For those shops with the luxury of having an owned or contracted for “hot-site” or “warm-site”, DR testing should be an ongoing and periodic activity. In that presentation I suggested testing DR plans at least 1/year but more often if feasible. In this case a test is a “simulated disaster declaration” where operations is temporarily moved to an alternate site. I know of one European organization which tested their DR plans every week but they owned the hot-site and their normal operations were split across the two sites.
For organizations that have “cold-sites” or no sites, the choices for DR testing are much more limited. In these situations, I recommended a way to deskcheck or walkthru a BC/DR plan, which didn’t involve any hardware testing. This is like a code or design inspection but applied to a BC/DR plans.
How to perform a BC/DR plan deskcheck/walkthru
In a BC/DR plan deskcheck there are a few roles, namely a leader, a BC/DR plan owner, a recorder, and participants. The BC/DR deskcheck process looks something like:
Before the deskcheck, the leader identifies walkthru team members from operations, servers, storage, networking, voice, web, applications, etc.; circulates the current BC/DR plan to all team members; and establishes the meeting date-times.
The leader decides which failure scenario will be used to test the DR/BC plan. This can be driven by the highest probability or use some form of equivalence testing. (In equivalence testing one collapses the potential failure scenarios into a select set which have similar impacts.)
In the pre-deskcheck meeting, the leader discusses the roles of the team members and identifies the failure scenario to be tested. IT staff and other participants are to determine the correctness of the DR/BC plan “from their perspective”. Every team member is supposed to read the BC/DR plan before the deskcheck/walkthru meeting to identify problems with it ahead of time.
At the deskcheck/walkthru meeting, The leader starts the session by describing the failure scenario and states what, if any data center, telecom, transport facilities are available, the state of the alternate site, and current whereabouts of IT staff, establishing the preconditions for the BC/DR simulation. Team members should concur with this analysis or come to consensus on the scenario’s impact on facilities, telecom, transport and staffing.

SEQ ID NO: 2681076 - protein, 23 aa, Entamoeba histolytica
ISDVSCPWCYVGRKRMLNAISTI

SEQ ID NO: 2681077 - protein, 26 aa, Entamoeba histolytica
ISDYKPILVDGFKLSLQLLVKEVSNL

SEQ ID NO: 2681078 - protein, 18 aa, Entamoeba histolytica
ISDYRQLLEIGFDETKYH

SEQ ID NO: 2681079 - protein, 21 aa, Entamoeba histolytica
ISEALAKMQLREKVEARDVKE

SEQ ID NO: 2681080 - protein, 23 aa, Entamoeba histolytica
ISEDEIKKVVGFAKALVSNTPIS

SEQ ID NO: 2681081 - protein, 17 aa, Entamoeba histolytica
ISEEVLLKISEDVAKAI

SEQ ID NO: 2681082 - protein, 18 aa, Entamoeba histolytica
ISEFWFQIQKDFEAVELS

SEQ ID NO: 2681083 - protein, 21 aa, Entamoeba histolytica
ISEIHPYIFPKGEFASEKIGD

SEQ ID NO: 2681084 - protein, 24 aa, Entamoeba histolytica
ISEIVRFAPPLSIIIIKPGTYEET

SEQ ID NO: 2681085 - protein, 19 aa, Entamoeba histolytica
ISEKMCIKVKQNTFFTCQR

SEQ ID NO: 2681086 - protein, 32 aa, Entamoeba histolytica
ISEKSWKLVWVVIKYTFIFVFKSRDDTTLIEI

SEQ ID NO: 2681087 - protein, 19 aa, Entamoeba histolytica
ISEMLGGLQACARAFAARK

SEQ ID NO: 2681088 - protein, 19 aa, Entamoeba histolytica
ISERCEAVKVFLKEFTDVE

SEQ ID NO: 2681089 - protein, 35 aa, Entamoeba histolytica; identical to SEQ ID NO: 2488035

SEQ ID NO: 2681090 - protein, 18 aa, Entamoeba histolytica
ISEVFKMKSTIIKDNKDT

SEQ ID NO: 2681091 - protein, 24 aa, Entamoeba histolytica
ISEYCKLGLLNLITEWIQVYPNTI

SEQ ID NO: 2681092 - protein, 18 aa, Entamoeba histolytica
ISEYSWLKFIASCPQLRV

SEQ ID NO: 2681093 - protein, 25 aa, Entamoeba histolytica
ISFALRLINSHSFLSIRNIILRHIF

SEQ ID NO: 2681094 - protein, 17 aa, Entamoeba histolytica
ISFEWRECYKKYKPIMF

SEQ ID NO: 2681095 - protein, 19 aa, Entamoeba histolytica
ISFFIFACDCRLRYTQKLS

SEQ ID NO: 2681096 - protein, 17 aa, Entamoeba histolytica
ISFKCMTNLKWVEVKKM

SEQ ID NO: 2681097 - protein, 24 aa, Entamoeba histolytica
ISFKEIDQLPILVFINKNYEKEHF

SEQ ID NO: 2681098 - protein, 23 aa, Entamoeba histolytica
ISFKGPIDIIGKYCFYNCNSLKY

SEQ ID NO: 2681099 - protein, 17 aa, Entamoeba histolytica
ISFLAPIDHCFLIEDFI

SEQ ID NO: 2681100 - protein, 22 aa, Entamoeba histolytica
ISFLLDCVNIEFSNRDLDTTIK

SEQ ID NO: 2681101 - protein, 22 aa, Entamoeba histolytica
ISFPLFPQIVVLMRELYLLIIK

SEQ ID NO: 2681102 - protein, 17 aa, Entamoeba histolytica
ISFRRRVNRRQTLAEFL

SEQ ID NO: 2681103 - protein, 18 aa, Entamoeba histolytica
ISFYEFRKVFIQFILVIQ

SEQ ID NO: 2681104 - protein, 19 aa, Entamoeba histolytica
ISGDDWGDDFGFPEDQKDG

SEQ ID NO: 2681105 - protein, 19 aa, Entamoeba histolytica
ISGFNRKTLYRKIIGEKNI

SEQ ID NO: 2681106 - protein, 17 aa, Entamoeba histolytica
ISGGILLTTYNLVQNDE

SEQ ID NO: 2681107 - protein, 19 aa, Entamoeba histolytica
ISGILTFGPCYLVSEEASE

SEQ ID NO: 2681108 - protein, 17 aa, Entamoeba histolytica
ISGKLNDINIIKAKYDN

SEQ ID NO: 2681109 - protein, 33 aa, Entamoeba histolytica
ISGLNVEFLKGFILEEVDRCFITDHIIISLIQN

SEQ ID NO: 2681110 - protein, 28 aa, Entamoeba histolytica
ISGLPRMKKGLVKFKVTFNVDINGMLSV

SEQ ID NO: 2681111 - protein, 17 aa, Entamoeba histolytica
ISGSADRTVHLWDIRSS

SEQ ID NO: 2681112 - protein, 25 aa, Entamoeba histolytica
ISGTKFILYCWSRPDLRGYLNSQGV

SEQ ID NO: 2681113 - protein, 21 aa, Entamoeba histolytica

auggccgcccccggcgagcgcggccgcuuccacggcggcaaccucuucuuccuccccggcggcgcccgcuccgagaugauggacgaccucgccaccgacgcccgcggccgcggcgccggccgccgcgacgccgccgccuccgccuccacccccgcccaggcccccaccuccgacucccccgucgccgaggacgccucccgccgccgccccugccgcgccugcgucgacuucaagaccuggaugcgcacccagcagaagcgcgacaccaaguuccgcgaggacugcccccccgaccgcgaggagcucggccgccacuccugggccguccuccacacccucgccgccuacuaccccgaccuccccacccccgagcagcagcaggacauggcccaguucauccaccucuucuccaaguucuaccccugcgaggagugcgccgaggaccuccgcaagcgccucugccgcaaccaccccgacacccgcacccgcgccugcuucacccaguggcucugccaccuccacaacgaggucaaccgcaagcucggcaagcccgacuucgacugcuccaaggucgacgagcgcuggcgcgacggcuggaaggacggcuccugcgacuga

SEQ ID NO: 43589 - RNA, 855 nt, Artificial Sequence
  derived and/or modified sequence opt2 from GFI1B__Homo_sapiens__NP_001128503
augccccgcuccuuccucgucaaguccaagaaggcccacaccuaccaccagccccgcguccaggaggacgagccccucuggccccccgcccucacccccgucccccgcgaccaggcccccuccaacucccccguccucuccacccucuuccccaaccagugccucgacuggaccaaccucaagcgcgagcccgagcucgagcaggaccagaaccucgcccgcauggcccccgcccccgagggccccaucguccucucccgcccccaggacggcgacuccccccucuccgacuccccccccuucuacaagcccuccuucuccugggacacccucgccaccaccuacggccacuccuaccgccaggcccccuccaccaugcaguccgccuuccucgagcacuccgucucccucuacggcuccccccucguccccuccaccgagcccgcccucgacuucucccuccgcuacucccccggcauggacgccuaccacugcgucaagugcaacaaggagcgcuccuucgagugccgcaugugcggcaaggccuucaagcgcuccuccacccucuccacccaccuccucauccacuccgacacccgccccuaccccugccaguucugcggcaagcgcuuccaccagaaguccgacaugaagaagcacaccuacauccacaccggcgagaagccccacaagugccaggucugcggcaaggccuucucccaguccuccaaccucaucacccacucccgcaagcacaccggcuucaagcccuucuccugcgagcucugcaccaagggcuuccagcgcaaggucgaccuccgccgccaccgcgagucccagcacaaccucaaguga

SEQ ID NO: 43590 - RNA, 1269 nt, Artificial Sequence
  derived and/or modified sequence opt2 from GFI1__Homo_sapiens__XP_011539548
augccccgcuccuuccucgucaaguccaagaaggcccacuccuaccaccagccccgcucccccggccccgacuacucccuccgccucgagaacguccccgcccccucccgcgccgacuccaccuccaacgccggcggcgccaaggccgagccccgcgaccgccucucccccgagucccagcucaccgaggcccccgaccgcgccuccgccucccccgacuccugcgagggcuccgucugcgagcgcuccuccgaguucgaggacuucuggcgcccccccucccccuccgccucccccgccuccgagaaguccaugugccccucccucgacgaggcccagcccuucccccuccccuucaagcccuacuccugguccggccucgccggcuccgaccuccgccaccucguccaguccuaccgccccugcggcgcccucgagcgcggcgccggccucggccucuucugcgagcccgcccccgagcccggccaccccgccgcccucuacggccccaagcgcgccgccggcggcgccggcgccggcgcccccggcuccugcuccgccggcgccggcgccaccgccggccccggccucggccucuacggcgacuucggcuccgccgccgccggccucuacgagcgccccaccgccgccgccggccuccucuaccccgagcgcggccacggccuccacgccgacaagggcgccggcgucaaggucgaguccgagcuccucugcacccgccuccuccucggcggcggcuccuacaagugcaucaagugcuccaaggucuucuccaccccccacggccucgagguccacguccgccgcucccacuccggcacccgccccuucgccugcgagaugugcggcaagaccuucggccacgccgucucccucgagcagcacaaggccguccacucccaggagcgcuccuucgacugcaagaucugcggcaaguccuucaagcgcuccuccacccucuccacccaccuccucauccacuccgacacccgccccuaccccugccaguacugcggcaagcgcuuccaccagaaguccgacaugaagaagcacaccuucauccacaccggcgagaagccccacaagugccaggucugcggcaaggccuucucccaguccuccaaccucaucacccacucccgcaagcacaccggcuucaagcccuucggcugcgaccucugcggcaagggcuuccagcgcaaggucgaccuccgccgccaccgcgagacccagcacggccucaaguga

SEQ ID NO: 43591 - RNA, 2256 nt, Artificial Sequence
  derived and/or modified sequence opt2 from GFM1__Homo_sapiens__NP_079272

Next, the owner of the plan, describes the first or next step in detail identifying all actions taken and impact on the alternate site. Participants then determines if the step performs the actions as stated or not. Also,
Participants discuss the duration for step to complete to place everything on the same time track. For instance at
T0: it’s 7pm on a Wednesday, a fire-flood-building collapse occurs, knocks out the main data center, all online portals are down, all application users are offline, …, luckily operations personnel are evacuated and their injuries are slight.
T1: Head of operations is contacted and declares a disaster; activates the disaster site; calls up the DR team to get to on a conference call ASAP, …
T2: Head of operations, requests backups be sent to the alternate site; personnel are contacted and told to travel to the DR site; Contracts for servers, storage and other facilities at DR site are activate; …
The recorder pays particular attention to any problems brought up during the discussion, ties them to the plan step, identifies originator of the issue, and discusses its impact. Don’t try to solve the problems, just record them and its impact .
The Leader or their designee maintains an official plan timeline in real time. This timeline can be kept on a whiteboard or an (excel/visio chart) display for all to see. Timeline documentation can be kept as a formal record of the walkthru along with the problem list, and the BC/DR plan.